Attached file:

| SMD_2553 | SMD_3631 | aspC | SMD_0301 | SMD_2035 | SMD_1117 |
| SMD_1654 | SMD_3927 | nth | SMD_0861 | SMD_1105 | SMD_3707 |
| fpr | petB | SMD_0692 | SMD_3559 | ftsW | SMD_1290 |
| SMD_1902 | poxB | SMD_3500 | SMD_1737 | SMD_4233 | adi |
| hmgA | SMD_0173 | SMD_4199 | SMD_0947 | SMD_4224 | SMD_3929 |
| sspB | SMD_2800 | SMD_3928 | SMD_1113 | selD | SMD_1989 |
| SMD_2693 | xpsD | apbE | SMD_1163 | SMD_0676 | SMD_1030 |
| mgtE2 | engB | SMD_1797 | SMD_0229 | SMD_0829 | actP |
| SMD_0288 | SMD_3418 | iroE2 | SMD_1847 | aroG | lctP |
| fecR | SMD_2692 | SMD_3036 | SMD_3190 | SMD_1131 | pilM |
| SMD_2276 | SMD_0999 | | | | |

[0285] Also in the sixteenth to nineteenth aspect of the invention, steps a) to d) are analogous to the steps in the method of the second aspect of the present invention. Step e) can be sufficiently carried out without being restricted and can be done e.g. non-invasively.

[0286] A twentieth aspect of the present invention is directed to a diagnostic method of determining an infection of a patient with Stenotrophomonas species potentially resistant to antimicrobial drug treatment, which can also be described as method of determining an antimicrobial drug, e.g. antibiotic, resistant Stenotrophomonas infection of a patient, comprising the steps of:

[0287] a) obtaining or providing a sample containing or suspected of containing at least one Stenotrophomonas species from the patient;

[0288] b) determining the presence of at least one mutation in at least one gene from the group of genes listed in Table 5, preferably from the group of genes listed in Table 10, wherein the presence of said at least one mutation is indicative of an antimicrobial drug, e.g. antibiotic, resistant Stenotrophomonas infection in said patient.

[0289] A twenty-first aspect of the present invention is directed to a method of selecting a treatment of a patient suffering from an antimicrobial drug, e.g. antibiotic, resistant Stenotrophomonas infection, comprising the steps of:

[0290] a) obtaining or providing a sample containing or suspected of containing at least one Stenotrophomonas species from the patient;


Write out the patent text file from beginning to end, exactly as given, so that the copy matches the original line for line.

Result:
| SMD_2553 | SMD_3631 | aspC | SMD_0301 | SMD_2035 | SMD_1117 |
| SMD_1654 | SMD_3927 | nth | SMD_0861 | SMD_1105 | SMD_3707 |
| fpr | petB | SMD_0692 | SMD_3559 | ftsW | SMD_1290 |
| SMD_1902 | poxB | SMD_3500 | SMD_1737 | SMD_4233 | adi |
| hmgA | SMD_0173 | SMD_4199 | SMD_0947 | SMD_4224 | SMD_3929 |
| sspB | SMD_2800 | SMD_3928 | SMD_1113 | selD | SMD_1989 |
| SMD_2693 | xpsD | apbE | SMD_1163 | SMD_0676 | SMD_1030 |
| mgtE2 | engB | SMD_1797 | SMD_0229 | SMD_0829 | actP |
| SMD_0288 | SMD_3418 | iroE2 | SMD_1847 | aroG | lctP |
| fecR | SMD_2692 | SMD_3036 | SMD_3190 | SMD_1131 | pilM |
| SMD_2276 | SMD_0999 | | | | |

[0285] Also in the sixteenth to nineteenth aspect of the invention, steps a) to d) are analogous to the steps in the method of the second aspect of the present invention. Step e) can be sufficiently carried out without being restricted and can be done e.g. non-invasively.

[0286] A twentieth aspect of the present invention is directed to a diagnostic method of determining an infection of a patient with Stenotrophomonas species potentially resistant to antimicrobial drug treatment, which can also be described as method of determining an antimicrobial drug, e.g. antibiotic, resistant Stenotrophomonas infection of a patient, comprising the steps of:

[0287] a) obtaining or providing a sample containing or suspected of containing at least one Stenotrophomonas species from the patient;

[0288] b) determining the presence of at least one mutation in at least one gene from the group of genes listed in Table 5, preferably from the group of genes listed in Table 10, wherein the presence of said at least one mutation is indicative of an antimicrobial drug, e.g. antibiotic, resistant Stenotrophomonas infection in said patient.

[0289] A twenty-first aspect of the present invention is directed to a method of selecting a treatment of a patient suffering from an antimicrobial drug, e.g. antibiotic, resistant Stenotrophomonas infection, comprising the steps of:

[0290] a) obtaining or providing a sample containing or suspected of containing at least one Stenotrophomonas species from the patient;